I'll put these back in the cabinets, but may also try the 8 Ohm version. I doubt the difference will be noticeable.

                          Regarding the cross over circuit. It also will be a bit of an experiment. Because I want to try various drivers I plan to use at least two amps. I also plan to assemble a midrange circuit that will allow me to switch various coils and capacitors in and out to vary the midrange response. I already have a similar circuit wired that I use for tweeters. Both of these circuits are to be 1st order. I'll connect a few different coils to the woofers to vary their response.

                          All of this may seem unconventional, it is a little, but will allow me to try various ideas I find interesting, including tone control at the speakers rather than in the preamp. Volume control will be with attenuators between the source and amps.

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                          • #14
                            Re: XT25 in a waveguide?

                            Will there really be any benefit to putting a guide on the mids? I'd love to see how it modifies the response of the mid.
                            R = h/(2*pi*m*c) and don't you forget it! || Periodic Table as redrawn by Marshall Freerks and Ignatius Schumacher || King Crimson Radio
                            Byzantium Project & Build Thread || MiniByzy Build Thread || 3 x Peerless 850439 HDS 3-way || 8" 2-way - RS28A/B&C8BG51

                            95% of Climate Models Agree: The Observations Must be Wrong
                            "Gravitational systems are the ashes of prior electrical systems.". - Hannes Alfven, Nobel Laureate, Plasma physicist.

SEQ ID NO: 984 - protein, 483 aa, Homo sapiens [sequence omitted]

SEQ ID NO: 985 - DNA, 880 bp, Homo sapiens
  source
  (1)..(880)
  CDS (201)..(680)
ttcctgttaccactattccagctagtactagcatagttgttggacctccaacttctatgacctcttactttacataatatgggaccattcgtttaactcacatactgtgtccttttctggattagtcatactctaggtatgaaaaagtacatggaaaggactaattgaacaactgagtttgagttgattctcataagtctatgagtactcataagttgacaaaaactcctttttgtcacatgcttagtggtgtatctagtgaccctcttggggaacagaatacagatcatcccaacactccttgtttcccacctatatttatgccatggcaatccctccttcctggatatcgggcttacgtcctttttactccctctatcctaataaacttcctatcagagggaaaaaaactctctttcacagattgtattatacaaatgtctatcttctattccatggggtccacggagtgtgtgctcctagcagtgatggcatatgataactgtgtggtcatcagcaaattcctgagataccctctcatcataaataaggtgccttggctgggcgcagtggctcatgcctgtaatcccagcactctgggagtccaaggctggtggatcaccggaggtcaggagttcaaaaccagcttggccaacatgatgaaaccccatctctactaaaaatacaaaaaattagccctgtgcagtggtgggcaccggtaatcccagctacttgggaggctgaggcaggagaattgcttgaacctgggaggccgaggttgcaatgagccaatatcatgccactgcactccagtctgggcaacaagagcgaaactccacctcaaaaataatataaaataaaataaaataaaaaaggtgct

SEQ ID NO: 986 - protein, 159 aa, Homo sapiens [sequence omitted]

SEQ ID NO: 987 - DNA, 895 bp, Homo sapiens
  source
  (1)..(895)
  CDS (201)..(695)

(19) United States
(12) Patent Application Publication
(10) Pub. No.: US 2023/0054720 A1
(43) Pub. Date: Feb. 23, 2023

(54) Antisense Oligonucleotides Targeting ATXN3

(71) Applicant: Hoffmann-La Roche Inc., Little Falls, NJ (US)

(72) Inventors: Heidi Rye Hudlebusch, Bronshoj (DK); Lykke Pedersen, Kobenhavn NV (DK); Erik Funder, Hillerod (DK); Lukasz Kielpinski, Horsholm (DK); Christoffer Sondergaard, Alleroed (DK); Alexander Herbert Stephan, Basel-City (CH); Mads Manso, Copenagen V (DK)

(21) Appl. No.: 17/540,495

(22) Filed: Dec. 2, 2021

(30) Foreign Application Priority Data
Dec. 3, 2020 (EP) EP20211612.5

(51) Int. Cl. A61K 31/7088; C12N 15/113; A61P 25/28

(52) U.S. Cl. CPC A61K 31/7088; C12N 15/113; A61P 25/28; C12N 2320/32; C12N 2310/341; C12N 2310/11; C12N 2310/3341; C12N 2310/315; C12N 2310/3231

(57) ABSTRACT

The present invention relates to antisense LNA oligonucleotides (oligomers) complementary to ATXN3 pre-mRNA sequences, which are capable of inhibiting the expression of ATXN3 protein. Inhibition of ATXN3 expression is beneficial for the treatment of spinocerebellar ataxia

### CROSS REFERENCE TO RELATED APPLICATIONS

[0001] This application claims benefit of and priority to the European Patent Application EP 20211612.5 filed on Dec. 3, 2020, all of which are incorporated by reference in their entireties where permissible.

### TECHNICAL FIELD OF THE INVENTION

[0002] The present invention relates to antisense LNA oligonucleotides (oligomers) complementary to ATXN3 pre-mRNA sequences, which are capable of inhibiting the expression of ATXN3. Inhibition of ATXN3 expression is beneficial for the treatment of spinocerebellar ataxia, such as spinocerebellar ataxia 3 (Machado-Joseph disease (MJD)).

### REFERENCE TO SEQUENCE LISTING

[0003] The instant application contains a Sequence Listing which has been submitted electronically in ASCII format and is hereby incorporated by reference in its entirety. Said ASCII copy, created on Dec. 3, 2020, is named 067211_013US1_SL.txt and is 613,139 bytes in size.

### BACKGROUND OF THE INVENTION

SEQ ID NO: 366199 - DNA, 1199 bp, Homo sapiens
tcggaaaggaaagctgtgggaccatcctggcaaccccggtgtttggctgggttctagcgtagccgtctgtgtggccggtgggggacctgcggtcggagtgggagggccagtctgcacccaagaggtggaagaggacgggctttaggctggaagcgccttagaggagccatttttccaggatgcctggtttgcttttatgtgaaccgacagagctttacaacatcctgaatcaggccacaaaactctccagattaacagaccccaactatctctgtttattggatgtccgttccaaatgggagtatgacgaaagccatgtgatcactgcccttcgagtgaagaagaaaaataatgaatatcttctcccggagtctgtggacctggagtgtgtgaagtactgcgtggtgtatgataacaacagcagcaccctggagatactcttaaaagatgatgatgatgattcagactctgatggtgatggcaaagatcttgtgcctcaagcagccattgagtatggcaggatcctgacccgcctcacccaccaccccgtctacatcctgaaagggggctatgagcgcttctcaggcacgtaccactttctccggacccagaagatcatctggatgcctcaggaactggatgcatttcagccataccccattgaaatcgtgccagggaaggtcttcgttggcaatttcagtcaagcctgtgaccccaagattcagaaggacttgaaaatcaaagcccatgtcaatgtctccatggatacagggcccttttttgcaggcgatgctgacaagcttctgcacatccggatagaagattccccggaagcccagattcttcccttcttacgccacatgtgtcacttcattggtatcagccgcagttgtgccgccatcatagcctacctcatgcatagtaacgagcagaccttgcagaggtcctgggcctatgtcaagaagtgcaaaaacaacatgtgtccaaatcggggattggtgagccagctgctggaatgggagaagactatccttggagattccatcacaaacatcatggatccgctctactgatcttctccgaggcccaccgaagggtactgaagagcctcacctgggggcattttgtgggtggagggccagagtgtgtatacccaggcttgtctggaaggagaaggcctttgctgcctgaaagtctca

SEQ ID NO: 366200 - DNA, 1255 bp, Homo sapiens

Comment


                            • #15
                              Re: XT25 in a waveguide?

                              Yes, the primary advantage I hear is in clarity. The first few midrange guides I did were small, and the effect was minimal. However, when I built the first larger double guide, which is pictured in the oval waveguide thread, I also built a flat baffle of similar dimensions and shape. There is a significant improvement in the sound from the waveguide baffle. The drivers were the same in both baffles, as was the volume of the enclosure, and I used the same amp, connecting one cabinet to left, the other to right, and used a mono signal.

                              I suspect the double waveguides reduce crosstalk to some extent, which makes it much easier for me to hear clearly. Of course this may be an advantage for me that others who have more acute hearing might not need.

                              On the otherhand, I have had the double guide pictured, aka bedpans, out in public quite a bit in various settings for a few months at a time and people, some musicians, have commented positively on the sound they produce.

                              I can add more anecdotal evidence, and of course it is meaningless without something like data from Holm or Omnimic. Were I not so far away from the midwest, I would offer to bring the cabinets your way so you might decide if there is an advantage. Of course if anyone plans to be in Maine, I will be happy to have them stop by to listen.

                              One of the reasons I don't make much of an effort to test is that while the effect of a guide on a tweeter shows up well in the data, that of the effect on the midrange is less dramatic at the lower, 500-1000Hz. frequencies. However, the difference in sound is striking. I suspect the midrange guides interact more with room dynamics than do the tweeter guides, measuring this objectivrly, and in some meaningful way is beyond my resources.

                              If a waveguide has an effect on a tweeter down to 500-1000Hz., would it not also affect a midrange to the same frequencies?